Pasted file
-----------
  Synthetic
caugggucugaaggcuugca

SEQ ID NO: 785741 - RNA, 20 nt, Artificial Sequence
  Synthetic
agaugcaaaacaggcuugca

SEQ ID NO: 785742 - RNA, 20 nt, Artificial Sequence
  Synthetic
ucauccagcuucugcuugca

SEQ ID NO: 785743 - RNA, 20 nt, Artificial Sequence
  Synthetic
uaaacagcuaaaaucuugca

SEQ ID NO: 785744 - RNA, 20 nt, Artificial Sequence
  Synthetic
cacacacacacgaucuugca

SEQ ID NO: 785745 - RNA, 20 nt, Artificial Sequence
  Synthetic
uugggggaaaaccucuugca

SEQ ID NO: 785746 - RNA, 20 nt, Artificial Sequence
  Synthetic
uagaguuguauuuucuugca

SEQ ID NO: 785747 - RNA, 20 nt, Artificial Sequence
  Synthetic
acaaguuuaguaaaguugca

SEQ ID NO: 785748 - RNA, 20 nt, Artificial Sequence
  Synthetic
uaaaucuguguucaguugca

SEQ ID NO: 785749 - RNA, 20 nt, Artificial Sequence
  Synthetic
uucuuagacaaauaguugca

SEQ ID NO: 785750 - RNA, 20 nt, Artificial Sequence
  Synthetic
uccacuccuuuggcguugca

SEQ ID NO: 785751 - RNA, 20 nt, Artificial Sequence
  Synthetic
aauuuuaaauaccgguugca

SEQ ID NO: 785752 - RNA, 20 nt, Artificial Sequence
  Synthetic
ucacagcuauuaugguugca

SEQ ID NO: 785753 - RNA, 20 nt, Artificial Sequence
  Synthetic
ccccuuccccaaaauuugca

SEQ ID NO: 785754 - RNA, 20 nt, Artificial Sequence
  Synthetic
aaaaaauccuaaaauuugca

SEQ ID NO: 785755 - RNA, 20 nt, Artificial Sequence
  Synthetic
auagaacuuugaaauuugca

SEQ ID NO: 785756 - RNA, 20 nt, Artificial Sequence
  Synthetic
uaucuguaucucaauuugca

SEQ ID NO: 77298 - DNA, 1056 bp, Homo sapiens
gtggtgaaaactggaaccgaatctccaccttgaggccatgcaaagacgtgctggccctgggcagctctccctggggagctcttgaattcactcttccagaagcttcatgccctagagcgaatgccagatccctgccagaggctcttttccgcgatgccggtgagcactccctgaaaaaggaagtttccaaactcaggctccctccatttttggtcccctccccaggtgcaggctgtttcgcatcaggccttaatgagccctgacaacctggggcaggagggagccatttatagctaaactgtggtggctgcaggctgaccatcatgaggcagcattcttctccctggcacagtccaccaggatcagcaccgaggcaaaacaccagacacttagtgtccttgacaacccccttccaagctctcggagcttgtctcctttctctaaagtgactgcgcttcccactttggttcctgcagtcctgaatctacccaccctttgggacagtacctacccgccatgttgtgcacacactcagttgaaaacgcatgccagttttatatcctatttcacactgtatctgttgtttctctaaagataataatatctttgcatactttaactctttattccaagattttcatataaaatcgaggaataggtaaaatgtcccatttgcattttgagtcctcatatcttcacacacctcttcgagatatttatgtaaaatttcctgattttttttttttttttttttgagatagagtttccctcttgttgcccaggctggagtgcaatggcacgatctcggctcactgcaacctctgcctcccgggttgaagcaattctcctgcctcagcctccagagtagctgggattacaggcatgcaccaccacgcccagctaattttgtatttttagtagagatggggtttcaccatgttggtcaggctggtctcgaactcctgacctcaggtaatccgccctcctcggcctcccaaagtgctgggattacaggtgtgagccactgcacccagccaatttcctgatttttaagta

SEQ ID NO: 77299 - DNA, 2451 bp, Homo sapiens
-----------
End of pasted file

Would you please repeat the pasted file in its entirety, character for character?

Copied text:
  Synthetic
caugggucugaaggcuugca

SEQ ID NO: 785741 - RNA, 20 nt, Artificial Sequence
  Synthetic
agaugcaaaacaggcuugca

SEQ ID NO: 785742 - RNA, 20 nt, Artificial Sequence
  Synthetic
ucauccagcuucugcuugca

SEQ ID NO: 785743 - RNA, 20 nt, Artificial Sequence
  Synthetic
uaaacagcuaaaaucuugca

SEQ ID NO: 785744 - RNA, 20 nt, Artificial Sequence
  Synthetic
cacacacacacgaucuugca

SEQ ID NO: 785745 - RNA, 20 nt, Artificial Sequence
  Synthetic
uugggggaaaaccucuugca

SEQ ID NO: 785746 - RNA, 20 nt, Artificial Sequence
  Synthetic
uagaguuguauuuucuugca

SEQ ID NO: 785747 - RNA, 20 nt, Artificial Sequence
  Synthetic
acaaguuuaguaaaguugca

SEQ ID NO: 785748 - RNA, 20 nt, Artificial Sequence
  Synthetic
uaaaucuguguucaguugca

SEQ ID NO: 785749 - RNA, 20 nt, Artificial Sequence
  Synthetic
uucuuagacaaauaguugca

SEQ ID NO: 785750 - RNA, 20 nt, Artificial Sequence
  Synthetic
uccacuccuuuggcguugca

SEQ ID NO: 785751 - RNA, 20 nt, Artificial Sequence
  Synthetic
aauuuuaaauaccgguugca

SEQ ID NO: 785752 - RNA, 20 nt, Artificial Sequence
  Synthetic
ucacagcuauuaugguugca

SEQ ID NO: 785753 - RNA, 20 nt, Artificial Sequence
  Synthetic
ccccuuccccaaaauuugca

SEQ ID NO: 785754 - RNA, 20 nt, Artificial Sequence
  Synthetic
aaaaaauccuaaaauuugca

SEQ ID NO: 785755 - RNA, 20 nt, Artificial Sequence
  Synthetic
auagaacuuugaaauuugca

SEQ ID NO: 785756 - RNA, 20 nt, Artificial Sequence
  Synthetic
uaucuguaucucaauuugca

SEQ ID NO: 77298 - DNA, 1056 bp, Homo sapiens
gtggtgaaaactggaaccgaatctccaccttgaggccatgcaaagacgtgctggccctgggcagctctccctggggagctcttgaattcactcttccagaagcttcatgccctagagcgaatgccagatccctgccagaggctcttttccgcgatgccggtgagcactccctgaaaaaggaagtttccaaactcaggctccctccatttttggtcccctccccaggtgcaggctgtttcgcatcaggccttaatgagccctgacaacctggggcaggagggagccatttatagctaaactgtggtggctgcaggctgaccatcatgaggcagcattcttctccctggcacagtccaccaggatcagcaccgaggcaaaacaccagacacttagtgtccttgacaacccccttccaagctctcggagcttgtctcctttctctaaagtgactgcgcttcccactttggttcctgcagtcctgaatctacccaccctttgggacagtacctacccgccatgttgtgcacacactcagttgaaaacgcatgccagttttatatcctatttcacactgtatctgttgtttctctaaagataataatatctttgcatactttaactctttattccaagattttcatataaaatcgaggaataggtaaaatgtcccatttgcattttgagtcctcatatcttcacacacctcttcgagatatttatgtaaaatttcctgattttttttttttttttttttgagatagagtttccctcttgttgcccaggctggagtgcaatggcacgatctcggctcactgcaacctctgcctcccgggttgaagcaattctcctgcctcagcctccagagtagctgggattacaggcatgcaccaccacgcccagctaattttgtatttttagtagagatggggtttcaccatgttggtcaggctggtctcgaactcctgacctcaggtaatccgccctcctcggcctcccaaagtgctgggattacaggtgtgagccactgcacccagccaatttcctgatttttaagta

SEQ ID NO: 77299 - DNA, 2451 bp, Homo sapiens